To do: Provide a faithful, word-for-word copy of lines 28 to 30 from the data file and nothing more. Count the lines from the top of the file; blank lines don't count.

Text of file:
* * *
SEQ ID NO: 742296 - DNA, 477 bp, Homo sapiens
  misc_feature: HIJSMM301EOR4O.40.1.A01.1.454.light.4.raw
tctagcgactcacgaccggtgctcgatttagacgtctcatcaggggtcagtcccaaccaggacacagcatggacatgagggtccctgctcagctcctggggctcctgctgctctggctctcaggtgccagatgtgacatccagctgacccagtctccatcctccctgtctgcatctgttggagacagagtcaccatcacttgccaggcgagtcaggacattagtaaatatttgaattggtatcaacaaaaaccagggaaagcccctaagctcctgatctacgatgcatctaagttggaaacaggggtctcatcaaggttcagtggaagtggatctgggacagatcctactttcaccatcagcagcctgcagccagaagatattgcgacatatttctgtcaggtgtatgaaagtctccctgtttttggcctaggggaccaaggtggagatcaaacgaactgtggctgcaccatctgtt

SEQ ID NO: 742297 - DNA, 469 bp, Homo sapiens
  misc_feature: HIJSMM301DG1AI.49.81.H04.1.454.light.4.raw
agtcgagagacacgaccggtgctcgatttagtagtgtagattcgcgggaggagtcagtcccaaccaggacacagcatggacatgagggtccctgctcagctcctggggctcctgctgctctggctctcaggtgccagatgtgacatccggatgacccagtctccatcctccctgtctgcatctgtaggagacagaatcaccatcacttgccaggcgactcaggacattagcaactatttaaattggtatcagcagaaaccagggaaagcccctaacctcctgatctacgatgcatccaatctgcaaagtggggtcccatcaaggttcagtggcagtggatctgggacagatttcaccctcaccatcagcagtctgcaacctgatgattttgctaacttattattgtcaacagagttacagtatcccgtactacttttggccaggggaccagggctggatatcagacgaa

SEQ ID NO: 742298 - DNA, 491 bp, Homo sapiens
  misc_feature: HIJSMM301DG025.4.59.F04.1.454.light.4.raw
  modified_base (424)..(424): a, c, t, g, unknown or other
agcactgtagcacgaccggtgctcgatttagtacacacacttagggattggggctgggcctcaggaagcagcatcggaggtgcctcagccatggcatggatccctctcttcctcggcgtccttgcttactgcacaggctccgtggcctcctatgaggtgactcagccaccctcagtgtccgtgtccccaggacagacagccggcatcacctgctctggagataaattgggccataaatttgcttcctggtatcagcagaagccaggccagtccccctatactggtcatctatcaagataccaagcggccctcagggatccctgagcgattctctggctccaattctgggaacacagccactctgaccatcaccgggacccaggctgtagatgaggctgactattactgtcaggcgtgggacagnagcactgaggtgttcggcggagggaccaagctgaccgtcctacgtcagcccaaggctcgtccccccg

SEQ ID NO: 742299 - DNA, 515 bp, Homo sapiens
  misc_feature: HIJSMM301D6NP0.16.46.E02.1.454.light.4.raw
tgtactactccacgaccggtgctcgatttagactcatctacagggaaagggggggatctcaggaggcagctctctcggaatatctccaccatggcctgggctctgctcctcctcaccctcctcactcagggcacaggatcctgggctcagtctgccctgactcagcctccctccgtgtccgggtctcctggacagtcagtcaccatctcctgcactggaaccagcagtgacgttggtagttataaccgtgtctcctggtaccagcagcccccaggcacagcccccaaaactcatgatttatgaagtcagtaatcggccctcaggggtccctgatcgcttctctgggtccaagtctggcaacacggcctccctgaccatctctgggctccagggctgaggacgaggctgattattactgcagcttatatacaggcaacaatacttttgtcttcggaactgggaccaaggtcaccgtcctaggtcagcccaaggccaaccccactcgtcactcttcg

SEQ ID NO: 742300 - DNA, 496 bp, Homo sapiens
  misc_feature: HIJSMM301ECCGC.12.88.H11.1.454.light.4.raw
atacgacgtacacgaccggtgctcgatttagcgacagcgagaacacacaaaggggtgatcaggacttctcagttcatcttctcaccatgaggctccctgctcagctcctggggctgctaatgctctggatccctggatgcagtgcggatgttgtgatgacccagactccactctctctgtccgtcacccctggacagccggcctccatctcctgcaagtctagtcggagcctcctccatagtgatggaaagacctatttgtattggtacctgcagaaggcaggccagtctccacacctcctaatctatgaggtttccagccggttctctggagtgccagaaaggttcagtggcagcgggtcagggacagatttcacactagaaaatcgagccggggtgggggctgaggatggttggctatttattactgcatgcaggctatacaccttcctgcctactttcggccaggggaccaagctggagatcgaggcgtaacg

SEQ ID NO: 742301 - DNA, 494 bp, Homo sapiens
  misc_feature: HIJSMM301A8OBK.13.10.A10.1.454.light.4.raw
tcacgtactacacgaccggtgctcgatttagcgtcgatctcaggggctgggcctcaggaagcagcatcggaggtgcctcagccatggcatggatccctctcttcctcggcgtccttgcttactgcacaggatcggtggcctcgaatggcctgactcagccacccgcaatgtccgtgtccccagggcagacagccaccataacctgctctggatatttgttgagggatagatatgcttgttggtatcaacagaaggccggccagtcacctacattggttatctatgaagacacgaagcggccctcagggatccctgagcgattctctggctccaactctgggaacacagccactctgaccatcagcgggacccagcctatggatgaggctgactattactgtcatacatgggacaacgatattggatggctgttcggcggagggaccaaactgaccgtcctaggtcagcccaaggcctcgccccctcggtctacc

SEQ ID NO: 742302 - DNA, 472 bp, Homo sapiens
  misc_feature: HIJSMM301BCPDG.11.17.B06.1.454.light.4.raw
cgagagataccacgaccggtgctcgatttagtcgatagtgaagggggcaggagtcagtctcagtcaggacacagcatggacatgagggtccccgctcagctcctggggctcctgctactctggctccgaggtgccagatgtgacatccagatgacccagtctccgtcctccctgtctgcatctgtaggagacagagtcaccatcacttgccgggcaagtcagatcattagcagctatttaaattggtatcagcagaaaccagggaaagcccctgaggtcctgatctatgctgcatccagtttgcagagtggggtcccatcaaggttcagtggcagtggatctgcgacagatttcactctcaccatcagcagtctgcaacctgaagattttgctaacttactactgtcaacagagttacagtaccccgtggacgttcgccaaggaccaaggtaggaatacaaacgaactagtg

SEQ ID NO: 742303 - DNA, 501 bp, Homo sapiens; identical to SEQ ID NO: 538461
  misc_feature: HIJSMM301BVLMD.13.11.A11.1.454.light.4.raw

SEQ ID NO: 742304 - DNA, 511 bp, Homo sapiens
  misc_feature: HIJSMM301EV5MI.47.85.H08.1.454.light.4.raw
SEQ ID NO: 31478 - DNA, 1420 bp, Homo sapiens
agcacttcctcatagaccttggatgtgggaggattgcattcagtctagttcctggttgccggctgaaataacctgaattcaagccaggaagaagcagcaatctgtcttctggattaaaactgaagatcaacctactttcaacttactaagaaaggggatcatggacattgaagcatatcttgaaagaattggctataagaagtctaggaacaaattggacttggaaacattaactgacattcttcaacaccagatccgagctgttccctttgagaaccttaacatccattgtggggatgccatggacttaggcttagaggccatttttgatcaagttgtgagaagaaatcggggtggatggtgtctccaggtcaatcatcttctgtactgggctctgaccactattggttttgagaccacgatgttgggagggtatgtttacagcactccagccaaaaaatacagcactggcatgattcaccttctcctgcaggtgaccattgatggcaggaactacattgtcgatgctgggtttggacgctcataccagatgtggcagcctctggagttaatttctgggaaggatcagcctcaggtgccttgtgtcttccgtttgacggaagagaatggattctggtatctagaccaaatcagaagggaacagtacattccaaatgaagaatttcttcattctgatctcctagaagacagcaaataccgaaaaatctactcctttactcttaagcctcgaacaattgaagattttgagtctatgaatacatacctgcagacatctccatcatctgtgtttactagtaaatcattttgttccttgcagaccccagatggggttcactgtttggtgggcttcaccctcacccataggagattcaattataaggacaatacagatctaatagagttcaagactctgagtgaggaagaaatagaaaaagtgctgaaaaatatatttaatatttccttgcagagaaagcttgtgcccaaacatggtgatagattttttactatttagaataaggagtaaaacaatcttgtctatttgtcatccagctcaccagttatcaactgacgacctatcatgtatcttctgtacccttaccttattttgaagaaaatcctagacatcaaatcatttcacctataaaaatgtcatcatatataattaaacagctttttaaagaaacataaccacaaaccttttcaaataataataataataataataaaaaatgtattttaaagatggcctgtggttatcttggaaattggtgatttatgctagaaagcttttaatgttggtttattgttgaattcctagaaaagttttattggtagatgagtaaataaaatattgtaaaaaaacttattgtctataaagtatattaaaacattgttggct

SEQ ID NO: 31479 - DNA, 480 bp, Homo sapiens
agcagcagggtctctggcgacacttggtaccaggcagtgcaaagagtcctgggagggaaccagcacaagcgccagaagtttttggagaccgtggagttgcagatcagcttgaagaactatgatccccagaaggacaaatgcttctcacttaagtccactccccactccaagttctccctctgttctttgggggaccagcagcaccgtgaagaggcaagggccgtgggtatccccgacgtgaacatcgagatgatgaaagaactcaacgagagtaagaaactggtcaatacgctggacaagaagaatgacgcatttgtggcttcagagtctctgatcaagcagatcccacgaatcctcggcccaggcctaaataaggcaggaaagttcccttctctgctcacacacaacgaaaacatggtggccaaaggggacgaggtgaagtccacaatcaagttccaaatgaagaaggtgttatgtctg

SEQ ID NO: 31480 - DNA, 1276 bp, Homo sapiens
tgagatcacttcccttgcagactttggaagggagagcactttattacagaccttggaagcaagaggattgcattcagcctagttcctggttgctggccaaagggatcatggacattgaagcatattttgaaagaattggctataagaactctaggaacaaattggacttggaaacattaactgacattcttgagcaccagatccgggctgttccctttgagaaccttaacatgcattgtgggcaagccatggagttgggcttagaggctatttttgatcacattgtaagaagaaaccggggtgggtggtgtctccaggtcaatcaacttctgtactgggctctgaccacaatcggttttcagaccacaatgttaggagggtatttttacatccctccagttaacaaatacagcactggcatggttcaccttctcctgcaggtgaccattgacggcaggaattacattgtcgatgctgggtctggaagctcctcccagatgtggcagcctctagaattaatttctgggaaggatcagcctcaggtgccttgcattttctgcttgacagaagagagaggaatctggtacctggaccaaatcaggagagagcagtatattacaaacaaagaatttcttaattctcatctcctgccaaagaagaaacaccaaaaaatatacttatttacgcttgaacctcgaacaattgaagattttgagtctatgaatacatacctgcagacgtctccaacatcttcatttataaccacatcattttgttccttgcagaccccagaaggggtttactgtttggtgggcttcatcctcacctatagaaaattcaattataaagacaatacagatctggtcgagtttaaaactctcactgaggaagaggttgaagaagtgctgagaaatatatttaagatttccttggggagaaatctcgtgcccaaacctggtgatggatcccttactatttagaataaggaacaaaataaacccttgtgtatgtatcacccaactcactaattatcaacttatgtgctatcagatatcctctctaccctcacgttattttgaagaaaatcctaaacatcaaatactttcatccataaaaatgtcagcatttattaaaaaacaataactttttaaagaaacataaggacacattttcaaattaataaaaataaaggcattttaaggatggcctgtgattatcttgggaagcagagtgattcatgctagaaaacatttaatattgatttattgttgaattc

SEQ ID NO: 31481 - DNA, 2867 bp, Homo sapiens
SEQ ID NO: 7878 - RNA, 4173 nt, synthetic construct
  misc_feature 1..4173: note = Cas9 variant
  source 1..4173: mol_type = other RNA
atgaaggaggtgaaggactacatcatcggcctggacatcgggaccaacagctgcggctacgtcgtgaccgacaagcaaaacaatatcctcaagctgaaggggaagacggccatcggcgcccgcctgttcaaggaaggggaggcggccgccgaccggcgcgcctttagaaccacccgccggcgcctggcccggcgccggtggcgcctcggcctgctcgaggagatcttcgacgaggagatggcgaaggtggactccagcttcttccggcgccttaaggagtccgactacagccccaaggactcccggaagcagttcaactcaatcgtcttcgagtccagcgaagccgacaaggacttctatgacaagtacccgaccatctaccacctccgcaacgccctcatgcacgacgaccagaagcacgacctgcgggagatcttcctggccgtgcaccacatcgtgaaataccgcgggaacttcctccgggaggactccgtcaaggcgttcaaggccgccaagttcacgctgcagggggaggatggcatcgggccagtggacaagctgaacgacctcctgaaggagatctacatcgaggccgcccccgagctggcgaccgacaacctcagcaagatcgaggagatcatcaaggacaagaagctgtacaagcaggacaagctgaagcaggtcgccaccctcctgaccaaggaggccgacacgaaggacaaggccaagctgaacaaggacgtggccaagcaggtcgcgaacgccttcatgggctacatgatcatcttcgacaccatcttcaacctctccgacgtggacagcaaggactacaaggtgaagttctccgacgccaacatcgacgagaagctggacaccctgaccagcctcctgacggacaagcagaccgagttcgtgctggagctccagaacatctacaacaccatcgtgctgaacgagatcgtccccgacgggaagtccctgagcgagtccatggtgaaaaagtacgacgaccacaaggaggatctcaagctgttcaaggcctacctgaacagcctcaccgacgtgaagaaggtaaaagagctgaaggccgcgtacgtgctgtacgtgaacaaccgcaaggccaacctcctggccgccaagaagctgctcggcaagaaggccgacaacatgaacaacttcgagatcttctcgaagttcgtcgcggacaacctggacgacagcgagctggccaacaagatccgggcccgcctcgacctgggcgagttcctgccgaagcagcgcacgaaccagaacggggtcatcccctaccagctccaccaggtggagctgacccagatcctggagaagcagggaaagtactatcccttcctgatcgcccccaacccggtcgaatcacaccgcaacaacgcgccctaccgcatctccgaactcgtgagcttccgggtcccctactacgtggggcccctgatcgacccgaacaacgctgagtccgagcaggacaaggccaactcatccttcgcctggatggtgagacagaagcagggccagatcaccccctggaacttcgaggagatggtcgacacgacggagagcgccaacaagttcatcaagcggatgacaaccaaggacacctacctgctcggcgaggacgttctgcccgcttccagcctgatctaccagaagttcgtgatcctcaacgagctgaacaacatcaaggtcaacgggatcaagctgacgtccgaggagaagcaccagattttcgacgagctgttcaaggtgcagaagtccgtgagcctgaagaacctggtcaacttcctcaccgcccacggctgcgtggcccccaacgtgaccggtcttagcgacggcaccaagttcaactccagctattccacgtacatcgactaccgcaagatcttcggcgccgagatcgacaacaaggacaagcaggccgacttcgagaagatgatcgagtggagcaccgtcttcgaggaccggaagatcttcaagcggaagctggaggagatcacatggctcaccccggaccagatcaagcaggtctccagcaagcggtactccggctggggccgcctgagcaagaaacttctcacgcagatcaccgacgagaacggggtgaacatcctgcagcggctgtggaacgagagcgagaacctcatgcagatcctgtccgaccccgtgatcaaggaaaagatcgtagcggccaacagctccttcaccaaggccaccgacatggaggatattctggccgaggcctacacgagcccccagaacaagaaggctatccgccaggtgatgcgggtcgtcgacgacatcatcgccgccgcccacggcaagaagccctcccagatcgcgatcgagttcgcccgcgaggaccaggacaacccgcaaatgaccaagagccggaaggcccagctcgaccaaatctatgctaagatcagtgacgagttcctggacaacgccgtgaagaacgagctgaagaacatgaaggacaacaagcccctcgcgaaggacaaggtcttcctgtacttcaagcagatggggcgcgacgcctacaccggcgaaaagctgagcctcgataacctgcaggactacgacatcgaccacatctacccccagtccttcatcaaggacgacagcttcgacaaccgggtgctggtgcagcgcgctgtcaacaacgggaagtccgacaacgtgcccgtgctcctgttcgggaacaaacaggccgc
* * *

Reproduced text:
agcacttcctcatagaccttggatgtgggaggattgcattcagtctagttcctggttgccggctgaaataacctgaattcaagccaggaagaagcagcaatctgtcttctggattaaaactgaagatcaacctactttcaacttactaagaaaggggatcatggacattgaagcatatcttgaaagaattggctataagaagtctaggaacaaattggacttggaaacattaactgacattcttcaacaccagatccgagctgttccctttgagaaccttaacatccattgtggggatgccatggacttaggcttagaggccatttttgatcaagttgtgagaagaaatcggggtggatggtgtctccaggtcaatcatcttctgtactgggctctgaccactattggttttgagaccacgatgttgggagggtatgtttacagcactccagccaaaaaatacagcactggcatgattcaccttctcctgcaggtgaccattgatggcaggaactacattgtcgatgctgggtttggacgctcataccagatgtggcagcctctggagttaatttctgggaaggatcagcctcaggtgccttgtgtcttccgtttgacggaagagaatggattctggtatctagaccaaatcagaagggaacagtacattccaaatgaagaatttcttcattctgatctcctagaagacagcaaataccgaaaaatctactcctttactcttaagcctcgaacaattgaagattttgagtctatgaatacatacctgcagacatctccatcatctgtgtttactagtaaatcattttgttccttgcagaccccagatggggttcactgtttggtgggcttcaccctcacccataggagattcaattataaggacaatacagatctaatagagttcaagactctgagtgaggaagaaatagaaaaagtgctgaaaaatatatttaatatttccttgcagagaaagcttgtgcccaaacatggtgatagattttttactatttagaataaggagtaaaacaatcttgtctatttgtcatccagctcaccagttatcaactgacgacctatcatgtatcttctgtacccttaccttattttgaagaaaatcctagacatcaaatcatttcacctataaaaatgtcatcatatataattaaacagctttttaaagaaacataaccacaaaccttttcaaataataataataataataataaaaaatgtattttaaagatggcctgtggttatcttggaaattggtgatttatgctagaaagcttttaatgttggtttattgttgaattcctagaaaagttttattggtagatgagtaaataaaatattgtaaaaaaacttattgtctataaagtatattaaaacattgttggct

SEQ ID NO: 31479 - DNA, 480 bp, Homo sapiens
agcagcagggtctctggcgacacttggtaccaggcagtgcaaagagtcctgggagggaaccagcacaagcgccagaagtttttggagaccgtggagttgcagatcagcttgaagaactatgatccccagaaggacaaatgcttctcacttaagtccactccccactccaagttctccctctgttctttgggggaccagcagcaccgtgaagaggcaagggccgtgggtatccccgacgtgaacatcgagatgatgaaagaactcaacgagagtaagaaactggtcaatacgctggacaagaagaatgacgcatttgtggcttcagagtctctgatcaagcagatcccacgaatcctcggcccaggcctaaataaggcaggaaagttcccttctctgctcacacacaacgaaaacatggtggccaaaggggacgaggtgaagtccacaatcaagttccaaatgaagaaggtgttatgtctg